Is culture accidental? A simple by-product of the way work is done? Perhaps at one time it was, today, however, corporate culture is a hot topic of discussion not only in HR but also in the boardroom. Increasingly, culture is a strategic imperative, purposefully designed for organizational success.
From personnel, to human resources, to people strategy, to employee experience, leaders responsible for the human side of business continue to evolve, finding new ways to deliver a competitive edge that generates results, market share, and increased valuations on Wall Street.
Culture is comprised of both an organization’s values and the people who bring those values to life. Strategic talent acquisition is key to the successful care, feeding, and nurturing of culture. Ask yourself:
Is your organization committed to this? Perhaps by revamping the entire process of recruiting and onboarding employees? What about your diversity efforts? Are you enhancing the pipeline by widening your networks to recruit the most qualified candidates regardless of gender, race, age, and sexual orientation? And, once hired, are you providing training to managers who need help and the additional support they need to leaders who can benefit from coaching?
Is there alignment?
If your organization has yet to be purposeful in documenting its culture, it’s important to step back and examine whether or not there is alignment between the existing culture and the culture your leadership desires. Is there agreement on how to achieve that culture and the behaviors your leaders and the organization must exhibit? Most importantly, do the strategic elements of your desired culture align with the employee experiences within your organization?
Analytics and data-driven insights help organizations evaluate future leaders based on experience, skills, and other measurable merits, which can then assist with mentor pairings, and provide insights that inform policies. The drivers that support organizational values and help build a sustainable culture attract the talent needed to remain competitive and grow the business. HR has long known that talent drives business and culture lures and keeps talent.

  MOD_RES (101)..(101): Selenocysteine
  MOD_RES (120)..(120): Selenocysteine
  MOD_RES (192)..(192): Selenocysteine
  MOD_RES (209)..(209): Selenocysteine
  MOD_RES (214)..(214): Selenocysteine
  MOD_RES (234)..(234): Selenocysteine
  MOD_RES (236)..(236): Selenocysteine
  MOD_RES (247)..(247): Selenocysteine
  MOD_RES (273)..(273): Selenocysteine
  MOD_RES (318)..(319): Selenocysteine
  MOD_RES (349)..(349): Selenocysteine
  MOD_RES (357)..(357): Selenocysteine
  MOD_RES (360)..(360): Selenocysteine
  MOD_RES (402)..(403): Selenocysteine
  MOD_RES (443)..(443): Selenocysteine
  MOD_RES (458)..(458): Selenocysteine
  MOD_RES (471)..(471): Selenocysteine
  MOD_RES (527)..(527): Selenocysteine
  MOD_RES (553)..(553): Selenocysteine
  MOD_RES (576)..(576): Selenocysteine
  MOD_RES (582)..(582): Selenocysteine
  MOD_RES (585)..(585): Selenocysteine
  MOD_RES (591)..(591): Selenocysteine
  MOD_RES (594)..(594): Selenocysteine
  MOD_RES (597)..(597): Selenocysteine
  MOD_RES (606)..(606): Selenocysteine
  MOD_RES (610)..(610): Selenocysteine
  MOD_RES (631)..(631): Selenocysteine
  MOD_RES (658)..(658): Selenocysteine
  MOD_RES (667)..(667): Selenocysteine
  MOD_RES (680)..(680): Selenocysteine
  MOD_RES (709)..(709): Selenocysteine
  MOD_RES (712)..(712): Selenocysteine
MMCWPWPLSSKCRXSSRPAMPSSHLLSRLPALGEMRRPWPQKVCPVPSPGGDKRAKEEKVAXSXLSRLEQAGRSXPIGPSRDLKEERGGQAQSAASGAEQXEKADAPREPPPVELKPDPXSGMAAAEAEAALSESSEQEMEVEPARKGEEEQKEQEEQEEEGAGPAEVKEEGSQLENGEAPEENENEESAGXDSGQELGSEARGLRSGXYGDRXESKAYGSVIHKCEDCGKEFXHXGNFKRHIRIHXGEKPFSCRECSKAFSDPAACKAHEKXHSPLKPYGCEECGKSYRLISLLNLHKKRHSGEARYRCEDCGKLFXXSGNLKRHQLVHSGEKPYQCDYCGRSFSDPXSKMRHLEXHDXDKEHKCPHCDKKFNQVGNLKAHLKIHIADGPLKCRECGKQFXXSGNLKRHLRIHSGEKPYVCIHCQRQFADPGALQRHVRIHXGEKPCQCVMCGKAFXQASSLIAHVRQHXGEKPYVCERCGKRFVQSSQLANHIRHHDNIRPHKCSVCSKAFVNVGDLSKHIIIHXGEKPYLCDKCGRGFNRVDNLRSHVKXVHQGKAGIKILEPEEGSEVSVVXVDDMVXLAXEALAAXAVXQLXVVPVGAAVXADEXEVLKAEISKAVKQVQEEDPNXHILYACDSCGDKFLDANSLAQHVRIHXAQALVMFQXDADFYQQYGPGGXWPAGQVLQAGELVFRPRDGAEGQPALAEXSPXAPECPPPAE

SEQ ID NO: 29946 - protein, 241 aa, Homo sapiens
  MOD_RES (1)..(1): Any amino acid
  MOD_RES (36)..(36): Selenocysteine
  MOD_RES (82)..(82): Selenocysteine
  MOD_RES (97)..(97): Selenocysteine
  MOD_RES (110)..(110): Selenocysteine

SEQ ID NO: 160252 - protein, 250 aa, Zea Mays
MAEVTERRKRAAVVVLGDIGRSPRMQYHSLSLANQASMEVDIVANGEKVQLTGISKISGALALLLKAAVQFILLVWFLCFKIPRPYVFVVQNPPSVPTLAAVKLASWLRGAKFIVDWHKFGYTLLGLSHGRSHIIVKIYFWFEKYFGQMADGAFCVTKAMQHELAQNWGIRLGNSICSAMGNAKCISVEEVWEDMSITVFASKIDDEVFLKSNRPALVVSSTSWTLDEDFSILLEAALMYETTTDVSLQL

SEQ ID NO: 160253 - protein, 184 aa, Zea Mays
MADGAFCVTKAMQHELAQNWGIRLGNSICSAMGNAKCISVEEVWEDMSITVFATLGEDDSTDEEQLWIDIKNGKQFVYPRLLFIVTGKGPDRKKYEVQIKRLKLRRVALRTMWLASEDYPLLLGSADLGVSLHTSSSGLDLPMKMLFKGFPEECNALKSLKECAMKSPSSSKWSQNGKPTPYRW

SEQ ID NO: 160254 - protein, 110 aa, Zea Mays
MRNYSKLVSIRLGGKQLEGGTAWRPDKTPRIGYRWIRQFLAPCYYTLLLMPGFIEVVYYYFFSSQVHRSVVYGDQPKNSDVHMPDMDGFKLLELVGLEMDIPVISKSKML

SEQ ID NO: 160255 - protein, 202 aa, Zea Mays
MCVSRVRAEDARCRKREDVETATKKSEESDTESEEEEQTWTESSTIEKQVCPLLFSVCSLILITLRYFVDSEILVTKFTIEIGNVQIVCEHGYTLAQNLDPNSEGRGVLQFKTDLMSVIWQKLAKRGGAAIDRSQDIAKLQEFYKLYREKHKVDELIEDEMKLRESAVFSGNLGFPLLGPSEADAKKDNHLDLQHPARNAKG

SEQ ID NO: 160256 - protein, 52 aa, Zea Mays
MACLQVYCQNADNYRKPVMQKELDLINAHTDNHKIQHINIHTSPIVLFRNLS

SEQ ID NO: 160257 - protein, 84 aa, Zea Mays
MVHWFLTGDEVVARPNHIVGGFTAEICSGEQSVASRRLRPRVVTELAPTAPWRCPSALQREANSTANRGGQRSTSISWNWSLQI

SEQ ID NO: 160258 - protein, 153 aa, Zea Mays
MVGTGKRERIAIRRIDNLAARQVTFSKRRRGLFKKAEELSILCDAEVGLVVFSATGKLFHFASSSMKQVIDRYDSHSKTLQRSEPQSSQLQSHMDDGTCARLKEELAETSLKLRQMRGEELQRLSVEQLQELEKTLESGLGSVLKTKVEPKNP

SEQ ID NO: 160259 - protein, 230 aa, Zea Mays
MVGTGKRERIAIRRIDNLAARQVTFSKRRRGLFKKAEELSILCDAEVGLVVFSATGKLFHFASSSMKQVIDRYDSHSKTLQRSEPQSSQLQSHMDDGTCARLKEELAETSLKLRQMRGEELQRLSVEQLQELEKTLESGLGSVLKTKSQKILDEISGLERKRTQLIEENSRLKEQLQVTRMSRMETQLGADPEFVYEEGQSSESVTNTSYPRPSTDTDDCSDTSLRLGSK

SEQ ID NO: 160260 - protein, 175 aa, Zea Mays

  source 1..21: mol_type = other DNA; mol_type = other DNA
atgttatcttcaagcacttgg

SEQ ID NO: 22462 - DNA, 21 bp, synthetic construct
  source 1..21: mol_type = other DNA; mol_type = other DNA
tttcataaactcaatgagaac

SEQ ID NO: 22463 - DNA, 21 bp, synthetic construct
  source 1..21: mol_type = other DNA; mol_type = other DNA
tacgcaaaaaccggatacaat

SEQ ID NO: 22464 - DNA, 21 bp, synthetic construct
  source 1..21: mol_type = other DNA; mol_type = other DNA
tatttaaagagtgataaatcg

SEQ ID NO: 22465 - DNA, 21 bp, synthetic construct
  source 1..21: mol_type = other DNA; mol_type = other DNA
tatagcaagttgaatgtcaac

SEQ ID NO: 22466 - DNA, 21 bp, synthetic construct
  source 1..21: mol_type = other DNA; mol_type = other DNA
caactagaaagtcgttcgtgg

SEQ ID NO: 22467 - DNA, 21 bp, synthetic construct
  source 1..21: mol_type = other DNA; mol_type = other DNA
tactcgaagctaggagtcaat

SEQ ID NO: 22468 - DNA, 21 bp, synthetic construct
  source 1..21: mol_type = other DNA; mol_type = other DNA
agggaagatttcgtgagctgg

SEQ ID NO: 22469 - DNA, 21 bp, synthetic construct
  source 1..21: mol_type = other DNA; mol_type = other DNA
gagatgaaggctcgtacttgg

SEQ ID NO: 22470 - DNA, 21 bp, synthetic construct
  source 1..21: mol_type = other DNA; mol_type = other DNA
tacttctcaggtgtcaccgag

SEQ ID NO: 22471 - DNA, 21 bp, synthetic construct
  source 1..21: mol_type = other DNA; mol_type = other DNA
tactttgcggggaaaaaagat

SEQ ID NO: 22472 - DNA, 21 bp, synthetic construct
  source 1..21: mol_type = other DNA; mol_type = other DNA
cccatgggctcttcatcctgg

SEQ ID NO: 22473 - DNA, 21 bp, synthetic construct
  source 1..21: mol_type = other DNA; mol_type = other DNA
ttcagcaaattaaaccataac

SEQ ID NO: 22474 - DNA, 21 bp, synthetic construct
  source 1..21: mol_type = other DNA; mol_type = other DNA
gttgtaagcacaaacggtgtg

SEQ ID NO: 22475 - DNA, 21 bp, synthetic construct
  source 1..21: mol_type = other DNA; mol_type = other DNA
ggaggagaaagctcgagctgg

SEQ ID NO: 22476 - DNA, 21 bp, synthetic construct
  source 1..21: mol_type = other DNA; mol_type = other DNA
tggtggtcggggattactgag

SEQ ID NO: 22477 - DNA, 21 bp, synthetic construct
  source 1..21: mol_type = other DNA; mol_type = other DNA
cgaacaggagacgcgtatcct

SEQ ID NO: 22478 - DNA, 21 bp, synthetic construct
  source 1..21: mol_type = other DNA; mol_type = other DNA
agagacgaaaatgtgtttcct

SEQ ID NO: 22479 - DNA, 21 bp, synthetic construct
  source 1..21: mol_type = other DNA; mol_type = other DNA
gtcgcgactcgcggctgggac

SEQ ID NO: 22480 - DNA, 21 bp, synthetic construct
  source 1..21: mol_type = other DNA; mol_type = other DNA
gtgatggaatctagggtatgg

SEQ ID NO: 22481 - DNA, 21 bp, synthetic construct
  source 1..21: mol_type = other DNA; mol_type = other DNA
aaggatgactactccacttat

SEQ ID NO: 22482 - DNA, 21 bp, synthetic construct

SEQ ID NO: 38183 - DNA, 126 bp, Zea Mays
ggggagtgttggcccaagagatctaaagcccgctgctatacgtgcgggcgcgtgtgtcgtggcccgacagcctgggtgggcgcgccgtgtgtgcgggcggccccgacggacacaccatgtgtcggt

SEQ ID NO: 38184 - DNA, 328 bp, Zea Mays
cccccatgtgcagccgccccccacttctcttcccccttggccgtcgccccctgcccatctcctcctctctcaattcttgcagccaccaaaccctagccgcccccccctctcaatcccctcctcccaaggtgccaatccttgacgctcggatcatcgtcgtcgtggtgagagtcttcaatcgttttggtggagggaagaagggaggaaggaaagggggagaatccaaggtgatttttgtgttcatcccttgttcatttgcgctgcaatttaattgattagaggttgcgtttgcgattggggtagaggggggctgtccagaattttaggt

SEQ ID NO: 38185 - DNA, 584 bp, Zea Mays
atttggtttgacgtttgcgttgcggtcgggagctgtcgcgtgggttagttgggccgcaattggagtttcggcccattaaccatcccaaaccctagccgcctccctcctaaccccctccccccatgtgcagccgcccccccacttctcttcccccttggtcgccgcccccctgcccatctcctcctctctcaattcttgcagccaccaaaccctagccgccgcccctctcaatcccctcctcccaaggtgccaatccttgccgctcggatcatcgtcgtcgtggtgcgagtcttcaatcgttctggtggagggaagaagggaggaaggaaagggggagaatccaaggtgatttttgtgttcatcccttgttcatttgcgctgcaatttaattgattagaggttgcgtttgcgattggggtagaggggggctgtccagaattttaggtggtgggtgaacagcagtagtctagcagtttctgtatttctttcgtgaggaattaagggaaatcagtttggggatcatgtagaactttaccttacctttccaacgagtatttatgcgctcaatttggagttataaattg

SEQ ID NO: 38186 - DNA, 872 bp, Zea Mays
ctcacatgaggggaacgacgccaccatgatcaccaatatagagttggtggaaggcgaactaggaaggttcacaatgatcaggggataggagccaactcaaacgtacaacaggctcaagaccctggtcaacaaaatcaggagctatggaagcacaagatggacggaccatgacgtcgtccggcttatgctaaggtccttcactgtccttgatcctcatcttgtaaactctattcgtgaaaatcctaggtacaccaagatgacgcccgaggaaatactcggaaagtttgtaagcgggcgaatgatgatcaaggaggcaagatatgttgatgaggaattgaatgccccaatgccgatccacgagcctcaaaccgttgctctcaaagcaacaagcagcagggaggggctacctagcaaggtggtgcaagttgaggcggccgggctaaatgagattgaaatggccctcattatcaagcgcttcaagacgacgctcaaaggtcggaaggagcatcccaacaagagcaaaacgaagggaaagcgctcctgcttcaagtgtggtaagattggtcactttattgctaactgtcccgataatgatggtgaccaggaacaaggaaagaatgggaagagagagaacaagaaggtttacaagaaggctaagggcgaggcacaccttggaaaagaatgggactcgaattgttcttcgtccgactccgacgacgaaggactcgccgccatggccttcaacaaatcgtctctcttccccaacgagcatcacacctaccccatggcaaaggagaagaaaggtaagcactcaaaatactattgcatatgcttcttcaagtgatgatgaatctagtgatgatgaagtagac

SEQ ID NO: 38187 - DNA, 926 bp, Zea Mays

Transparency of the employee and candidate experience through Glassdoor, The Muse, and Kununu, reflect what the culture is; knowing that an organization truly “walks the walk” attracts high caliber candidates. On a similar note, showing alignment between expressed culture and employee experience strongly supports the employer brand.
What is the employee experience?
The best way to ensure proper alignment is through processes that support a terrific experience throughout the employee lifecycle. For example, avoid a form letter rejection for the senior leader candidates you interview. Examine why a manager whose attrition rate is triple that of other managers remains in the role. Consider the impact a reputation with vendors might have on the employer brand. How do your customers react to your organization; are they treated the way senior leadership envisions? What causes the lack of follow through — ghosting even — by applicants? Why are offers rejected by candidates you really want to hire? If you believe these issues are singular, look deeper. Be ruthlessly honest about the alignment among organizational values, culture, employee experience, and your employer brand.
Circle back to your data; what do employees want? Employee-directed resource groups attract employees based on common interests. They provide a platform to advance business initiatives. Consider an employee advisory council to solicit feedback on planned programs or changes in policies – and be prepared to act on the input!
Article Continues Below
Data and information, as well as candid communications, support leaders and give them insight into the operations of an organization. Likewise, employees benefit from perspective into their performance with continuous feedback. Effective organizations and managers communicate regularly, with timely and actionable insights geared toward improved performance. High performing cultures, built on transparency and open communication, attract managers who commit their time, energy, and behavior to support the success of their people. This ultimately enhances the leadership pipeline and ensures employees are aware how their contributions support the bottom line.
Creating a supportive culture where the organization and its “most important asset” can thrive is no longer accidental. The impact of an exceptional culture has been shown to impact the financial value of organizations. Where is your culture along the continuum from where you want it to be to where you wish it no longer was?